Generally regarded as one of the best—if not the best—TV series of the 1960s, The Fugitive set a high standard for well-crafted, exceptionally well-performed drama. Although there are many outstanding episodes, my favorite remains the two-part “Landscape with Running Figures” from season 3—or, as it’s better known among fans, the one with Richard Kimble and Mrs. Gerard on the bus.
The opening gets off to a fast start when a co-worker at a 24-hour diner informs Kimble (David Janssen) that the police have been asking questions about him. It turns out that a weary Kimble signed his time card with his real name. With the authorities already alerted, Kimble knows the dragnet will tighten quickly. Meanwhile, police lieutenant Philip Gerard (Barry Morse)—Kimble’s “relentless pursuer”—has already arrived in town…with his wife Marie (Barbara Rush). When a fellow officer asks what the Gerards were doing, Philip replies: “Nothing special—just a vacation.”
It soon becomes apparent, though, that it was more than “just a vacation.” It was an attempt to repair a marriage weakened by Philip’s obsession with bringing Kimble to justice. In their hotel room, Philip explains that this time is different, that he could really capture Kimble. Marie, brushing her hair compulsively in the mirror, initially feigns interest and then remarks: “Life without Kimble…what a pretty dream that used to be.”
The subplots of Kimble’s escape and the Gerards’ marriage difficulties eventually intersect, taking the story in an unexpected direction. Although the two-parter’s length makes the proceedings more episodic than usual, there are some superb scenes.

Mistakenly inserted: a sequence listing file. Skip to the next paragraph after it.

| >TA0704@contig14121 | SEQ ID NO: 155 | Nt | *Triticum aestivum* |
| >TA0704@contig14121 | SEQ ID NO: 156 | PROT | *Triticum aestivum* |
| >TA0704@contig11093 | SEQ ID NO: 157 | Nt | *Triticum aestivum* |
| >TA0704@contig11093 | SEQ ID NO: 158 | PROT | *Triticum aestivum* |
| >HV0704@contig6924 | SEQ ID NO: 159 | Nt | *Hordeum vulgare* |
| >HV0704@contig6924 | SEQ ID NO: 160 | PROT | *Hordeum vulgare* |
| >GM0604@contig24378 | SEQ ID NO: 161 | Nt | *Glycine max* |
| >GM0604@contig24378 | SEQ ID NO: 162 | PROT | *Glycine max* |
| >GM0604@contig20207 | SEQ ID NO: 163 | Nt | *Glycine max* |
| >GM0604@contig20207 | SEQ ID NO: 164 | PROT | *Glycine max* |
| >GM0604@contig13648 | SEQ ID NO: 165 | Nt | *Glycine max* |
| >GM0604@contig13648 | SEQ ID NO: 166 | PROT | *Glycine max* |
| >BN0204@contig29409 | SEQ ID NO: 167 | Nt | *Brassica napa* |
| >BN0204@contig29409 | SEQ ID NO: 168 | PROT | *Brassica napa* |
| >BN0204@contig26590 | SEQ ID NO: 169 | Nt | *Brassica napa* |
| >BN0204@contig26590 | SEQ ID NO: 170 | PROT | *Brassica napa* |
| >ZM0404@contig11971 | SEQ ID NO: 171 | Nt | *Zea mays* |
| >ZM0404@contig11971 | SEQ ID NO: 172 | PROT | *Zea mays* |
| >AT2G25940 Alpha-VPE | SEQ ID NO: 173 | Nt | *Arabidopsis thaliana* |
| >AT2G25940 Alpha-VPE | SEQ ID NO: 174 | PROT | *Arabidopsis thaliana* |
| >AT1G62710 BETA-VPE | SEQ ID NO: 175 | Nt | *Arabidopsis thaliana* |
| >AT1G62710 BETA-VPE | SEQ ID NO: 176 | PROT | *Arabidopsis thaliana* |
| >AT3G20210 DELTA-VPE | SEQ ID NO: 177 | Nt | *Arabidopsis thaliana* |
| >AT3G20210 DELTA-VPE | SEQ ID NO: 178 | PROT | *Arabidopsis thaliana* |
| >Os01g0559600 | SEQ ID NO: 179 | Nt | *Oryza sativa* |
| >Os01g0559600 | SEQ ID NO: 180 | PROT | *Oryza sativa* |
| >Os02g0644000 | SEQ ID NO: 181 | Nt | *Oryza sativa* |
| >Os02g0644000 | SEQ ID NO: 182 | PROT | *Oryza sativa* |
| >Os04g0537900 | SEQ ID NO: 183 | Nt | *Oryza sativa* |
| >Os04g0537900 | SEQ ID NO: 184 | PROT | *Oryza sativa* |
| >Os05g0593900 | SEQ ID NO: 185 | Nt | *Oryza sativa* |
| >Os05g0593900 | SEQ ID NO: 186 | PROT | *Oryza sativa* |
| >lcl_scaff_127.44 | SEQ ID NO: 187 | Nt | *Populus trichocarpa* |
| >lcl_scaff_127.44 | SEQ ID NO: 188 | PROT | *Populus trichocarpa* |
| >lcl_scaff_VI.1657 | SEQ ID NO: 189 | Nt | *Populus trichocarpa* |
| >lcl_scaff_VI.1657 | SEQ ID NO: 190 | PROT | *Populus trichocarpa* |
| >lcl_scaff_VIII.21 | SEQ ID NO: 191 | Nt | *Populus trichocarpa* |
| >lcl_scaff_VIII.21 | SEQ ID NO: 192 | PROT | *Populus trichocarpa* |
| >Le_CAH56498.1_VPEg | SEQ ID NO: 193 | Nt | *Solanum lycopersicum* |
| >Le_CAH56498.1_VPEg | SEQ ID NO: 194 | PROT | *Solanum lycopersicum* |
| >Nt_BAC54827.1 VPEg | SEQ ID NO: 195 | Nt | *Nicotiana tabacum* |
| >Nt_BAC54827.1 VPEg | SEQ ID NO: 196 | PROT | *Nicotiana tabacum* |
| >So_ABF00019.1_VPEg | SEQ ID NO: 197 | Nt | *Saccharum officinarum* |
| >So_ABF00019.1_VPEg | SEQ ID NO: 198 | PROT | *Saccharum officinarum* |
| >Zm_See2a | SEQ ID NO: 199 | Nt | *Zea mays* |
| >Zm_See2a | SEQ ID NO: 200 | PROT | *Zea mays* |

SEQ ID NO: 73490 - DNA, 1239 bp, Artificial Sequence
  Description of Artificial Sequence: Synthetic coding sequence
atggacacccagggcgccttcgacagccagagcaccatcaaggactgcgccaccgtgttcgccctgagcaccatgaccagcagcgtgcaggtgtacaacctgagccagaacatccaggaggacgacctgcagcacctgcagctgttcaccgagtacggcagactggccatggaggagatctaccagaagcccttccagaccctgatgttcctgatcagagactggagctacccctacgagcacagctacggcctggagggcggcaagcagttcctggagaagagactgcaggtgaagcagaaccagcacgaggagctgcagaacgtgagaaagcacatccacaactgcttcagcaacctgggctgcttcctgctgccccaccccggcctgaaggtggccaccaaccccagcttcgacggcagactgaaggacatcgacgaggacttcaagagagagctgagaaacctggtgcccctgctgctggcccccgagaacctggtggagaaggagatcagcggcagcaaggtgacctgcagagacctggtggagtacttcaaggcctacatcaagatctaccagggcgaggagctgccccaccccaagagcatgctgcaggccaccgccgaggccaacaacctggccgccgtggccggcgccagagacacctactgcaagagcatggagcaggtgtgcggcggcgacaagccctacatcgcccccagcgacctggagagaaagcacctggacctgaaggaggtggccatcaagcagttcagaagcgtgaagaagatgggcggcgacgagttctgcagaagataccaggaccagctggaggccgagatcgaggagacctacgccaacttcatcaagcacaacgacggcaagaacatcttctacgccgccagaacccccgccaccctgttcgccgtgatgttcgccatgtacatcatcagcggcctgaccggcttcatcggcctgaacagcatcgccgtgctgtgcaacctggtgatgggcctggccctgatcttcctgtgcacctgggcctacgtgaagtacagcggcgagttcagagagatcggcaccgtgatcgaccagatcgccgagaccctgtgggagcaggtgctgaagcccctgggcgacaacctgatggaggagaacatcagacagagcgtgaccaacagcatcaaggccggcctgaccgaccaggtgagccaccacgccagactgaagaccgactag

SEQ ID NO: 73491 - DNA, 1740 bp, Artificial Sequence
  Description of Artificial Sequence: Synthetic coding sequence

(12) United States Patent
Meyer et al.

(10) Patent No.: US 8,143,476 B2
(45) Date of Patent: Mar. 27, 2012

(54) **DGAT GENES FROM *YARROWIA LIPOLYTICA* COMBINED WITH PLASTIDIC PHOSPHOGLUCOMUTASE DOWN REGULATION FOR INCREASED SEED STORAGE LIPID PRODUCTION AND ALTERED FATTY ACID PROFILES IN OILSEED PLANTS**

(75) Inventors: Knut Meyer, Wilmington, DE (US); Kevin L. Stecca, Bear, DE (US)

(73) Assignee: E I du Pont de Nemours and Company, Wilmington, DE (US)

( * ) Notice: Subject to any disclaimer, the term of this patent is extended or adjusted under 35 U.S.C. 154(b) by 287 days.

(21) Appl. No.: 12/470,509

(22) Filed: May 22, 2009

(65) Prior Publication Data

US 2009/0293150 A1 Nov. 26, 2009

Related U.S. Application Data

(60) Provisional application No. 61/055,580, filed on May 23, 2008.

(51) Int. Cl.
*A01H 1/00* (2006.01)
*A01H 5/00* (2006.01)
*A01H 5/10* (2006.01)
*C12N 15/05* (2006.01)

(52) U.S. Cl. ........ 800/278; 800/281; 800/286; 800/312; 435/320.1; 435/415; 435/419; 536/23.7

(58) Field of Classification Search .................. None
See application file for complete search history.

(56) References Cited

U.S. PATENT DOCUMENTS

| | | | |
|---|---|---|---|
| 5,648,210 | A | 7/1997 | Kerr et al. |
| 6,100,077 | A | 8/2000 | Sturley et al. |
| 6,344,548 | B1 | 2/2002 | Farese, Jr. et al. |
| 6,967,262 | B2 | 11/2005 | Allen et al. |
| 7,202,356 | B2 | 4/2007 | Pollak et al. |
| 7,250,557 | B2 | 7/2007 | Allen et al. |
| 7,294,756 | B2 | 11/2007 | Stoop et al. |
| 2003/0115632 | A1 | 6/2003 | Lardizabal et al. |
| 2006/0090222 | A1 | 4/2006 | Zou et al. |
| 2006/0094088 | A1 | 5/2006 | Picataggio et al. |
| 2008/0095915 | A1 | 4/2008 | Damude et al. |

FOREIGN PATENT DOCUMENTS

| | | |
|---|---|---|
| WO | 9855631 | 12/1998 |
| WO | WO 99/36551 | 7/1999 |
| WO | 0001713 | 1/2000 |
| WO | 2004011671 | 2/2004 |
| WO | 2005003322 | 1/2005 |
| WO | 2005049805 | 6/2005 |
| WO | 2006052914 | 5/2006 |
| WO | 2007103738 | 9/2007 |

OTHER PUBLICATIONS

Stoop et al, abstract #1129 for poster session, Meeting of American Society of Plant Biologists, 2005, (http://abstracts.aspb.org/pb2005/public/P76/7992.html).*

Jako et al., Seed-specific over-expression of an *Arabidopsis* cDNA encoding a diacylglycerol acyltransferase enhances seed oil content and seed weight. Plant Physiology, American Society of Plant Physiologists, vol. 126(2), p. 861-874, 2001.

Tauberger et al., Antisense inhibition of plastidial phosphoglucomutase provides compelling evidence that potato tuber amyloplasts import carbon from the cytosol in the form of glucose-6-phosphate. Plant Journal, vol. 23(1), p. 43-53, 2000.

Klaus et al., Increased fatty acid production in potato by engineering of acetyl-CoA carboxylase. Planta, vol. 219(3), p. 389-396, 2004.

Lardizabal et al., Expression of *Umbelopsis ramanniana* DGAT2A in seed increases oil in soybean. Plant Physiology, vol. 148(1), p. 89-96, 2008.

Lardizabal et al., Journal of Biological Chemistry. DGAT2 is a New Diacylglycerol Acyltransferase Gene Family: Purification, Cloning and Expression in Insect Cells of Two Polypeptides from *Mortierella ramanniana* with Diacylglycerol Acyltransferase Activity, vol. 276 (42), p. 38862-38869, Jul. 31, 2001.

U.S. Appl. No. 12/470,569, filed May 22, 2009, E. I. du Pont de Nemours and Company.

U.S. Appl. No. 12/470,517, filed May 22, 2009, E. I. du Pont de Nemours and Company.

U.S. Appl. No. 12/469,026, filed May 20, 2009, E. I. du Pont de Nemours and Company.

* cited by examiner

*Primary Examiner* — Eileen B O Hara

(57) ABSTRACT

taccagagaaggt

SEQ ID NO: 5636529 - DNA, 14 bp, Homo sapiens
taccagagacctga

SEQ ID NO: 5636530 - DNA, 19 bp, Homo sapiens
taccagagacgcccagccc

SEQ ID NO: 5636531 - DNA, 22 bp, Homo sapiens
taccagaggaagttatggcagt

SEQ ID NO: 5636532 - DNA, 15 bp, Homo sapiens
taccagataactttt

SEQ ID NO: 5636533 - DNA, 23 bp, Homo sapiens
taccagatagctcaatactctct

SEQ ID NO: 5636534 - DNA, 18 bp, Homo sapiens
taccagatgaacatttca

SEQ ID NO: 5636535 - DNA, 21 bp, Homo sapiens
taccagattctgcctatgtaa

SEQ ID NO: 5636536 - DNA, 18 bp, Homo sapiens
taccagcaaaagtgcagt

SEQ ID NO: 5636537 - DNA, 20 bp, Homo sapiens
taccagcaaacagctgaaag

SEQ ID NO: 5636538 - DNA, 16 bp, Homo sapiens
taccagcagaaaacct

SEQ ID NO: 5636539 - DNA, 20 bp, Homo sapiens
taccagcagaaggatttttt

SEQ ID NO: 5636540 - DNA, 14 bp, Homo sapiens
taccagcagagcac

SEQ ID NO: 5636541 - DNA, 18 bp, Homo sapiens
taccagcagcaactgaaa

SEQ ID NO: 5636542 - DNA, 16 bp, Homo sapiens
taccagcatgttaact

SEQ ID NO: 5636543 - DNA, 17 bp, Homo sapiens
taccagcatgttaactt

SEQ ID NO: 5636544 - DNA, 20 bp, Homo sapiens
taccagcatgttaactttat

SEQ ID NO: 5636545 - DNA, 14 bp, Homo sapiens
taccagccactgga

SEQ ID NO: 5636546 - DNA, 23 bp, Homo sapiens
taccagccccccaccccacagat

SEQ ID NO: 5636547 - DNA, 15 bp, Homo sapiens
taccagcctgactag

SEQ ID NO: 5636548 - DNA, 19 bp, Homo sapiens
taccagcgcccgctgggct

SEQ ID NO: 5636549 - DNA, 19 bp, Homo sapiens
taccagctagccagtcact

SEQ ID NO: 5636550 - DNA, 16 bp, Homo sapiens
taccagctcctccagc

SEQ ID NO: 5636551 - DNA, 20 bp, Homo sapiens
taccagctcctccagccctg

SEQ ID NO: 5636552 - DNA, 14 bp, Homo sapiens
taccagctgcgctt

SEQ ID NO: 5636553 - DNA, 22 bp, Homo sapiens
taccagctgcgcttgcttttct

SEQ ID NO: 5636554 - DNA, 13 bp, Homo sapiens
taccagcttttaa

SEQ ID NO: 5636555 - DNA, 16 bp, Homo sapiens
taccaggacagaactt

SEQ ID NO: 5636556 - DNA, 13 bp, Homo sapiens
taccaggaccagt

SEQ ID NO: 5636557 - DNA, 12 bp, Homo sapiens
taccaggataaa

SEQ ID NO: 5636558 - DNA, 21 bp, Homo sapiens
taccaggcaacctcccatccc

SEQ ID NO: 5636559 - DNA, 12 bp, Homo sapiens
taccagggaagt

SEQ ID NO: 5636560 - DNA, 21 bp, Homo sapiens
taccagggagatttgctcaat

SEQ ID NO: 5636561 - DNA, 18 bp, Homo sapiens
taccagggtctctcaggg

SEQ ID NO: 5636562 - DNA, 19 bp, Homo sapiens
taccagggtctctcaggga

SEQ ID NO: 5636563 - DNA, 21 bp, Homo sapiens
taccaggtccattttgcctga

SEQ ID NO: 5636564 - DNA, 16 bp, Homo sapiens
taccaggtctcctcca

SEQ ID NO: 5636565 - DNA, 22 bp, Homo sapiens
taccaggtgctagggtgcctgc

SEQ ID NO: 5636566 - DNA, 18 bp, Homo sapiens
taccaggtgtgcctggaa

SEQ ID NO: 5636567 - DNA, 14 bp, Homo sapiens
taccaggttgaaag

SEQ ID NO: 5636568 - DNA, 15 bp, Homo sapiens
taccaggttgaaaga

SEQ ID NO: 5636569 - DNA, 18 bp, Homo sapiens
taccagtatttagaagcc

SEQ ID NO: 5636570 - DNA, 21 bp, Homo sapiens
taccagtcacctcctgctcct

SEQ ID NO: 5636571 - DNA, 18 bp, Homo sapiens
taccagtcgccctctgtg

One of the best has a hiding Kimble watching as Gerard tries to bribe a little boy into revealing the fugitive’s whereabouts. Seeing the kid looking at a chocolate bar in a vending machine, Gerard borrows a dime from a uniformed officer, puts it in the machine, and selects the desired candy. Kimble, who is literally locked in the adjacent room, can do nothing. But when Gerard pulls the knobs on the vending machine, nothing happens. The money slot has been jammed. Without the bribe, Kimble’s hiding place remains a child’s secret and Gerard’s frustration only mounts.
While much of the episode focuses on Kimble and Marie, it also fleshes out the character of Gerard. Most of Gerard’s appearances in the series serve little purpose beyond moving the plot forward. It’s a credit to Barry Morse that he lets the guarded Gerard occasionally flash the humanity hidden underneath his hardened resolve. In “Landscape with Running Figures,” though, Gerard’s relationship with his wife provides the means to openly explore the nature—and the limits—of the detective’s need to capture Kimble.
Barbara Rush gives a richly-textured performance as Marie, often content to let her expressions voice her emotions. In one of her strongest scenes, Marie calls Philip to tell him about an accident. His immediate response is to think it’s “some kind of test” to see if he would choose her over Kimble. Finally realizing something is wrong, Philip asks if she is okay. Marie, her face filled with disappointment and anger, states flatly: “It’s a little late to ask that.”
One of the strengths of The Fugitive was always Janssen’s and the writers’ willingness to let other performers take the spotlight. It’s not that Janssen doesn’t have the opportunity to shine in “Landscape with Running Figures”—he has several outstanding scenes—but this particular episode is really more about the Gerards. And, in the closing scenes, Marie and Philip Gerard each reveal, in different and surprising ways, how much they still care about one another. It’s a fitting end to one of the best episodes of The Fugitive.
Rick29 is a film reference book author and a regular contributor at the Classic Film & TV Café (http://classic-film-tv.blogspot.com/ and on Facebook). He’s a big fan of MovieFanFare, too, of course!
What’s your favorite episode of The Fugitive? Sound off in the comments!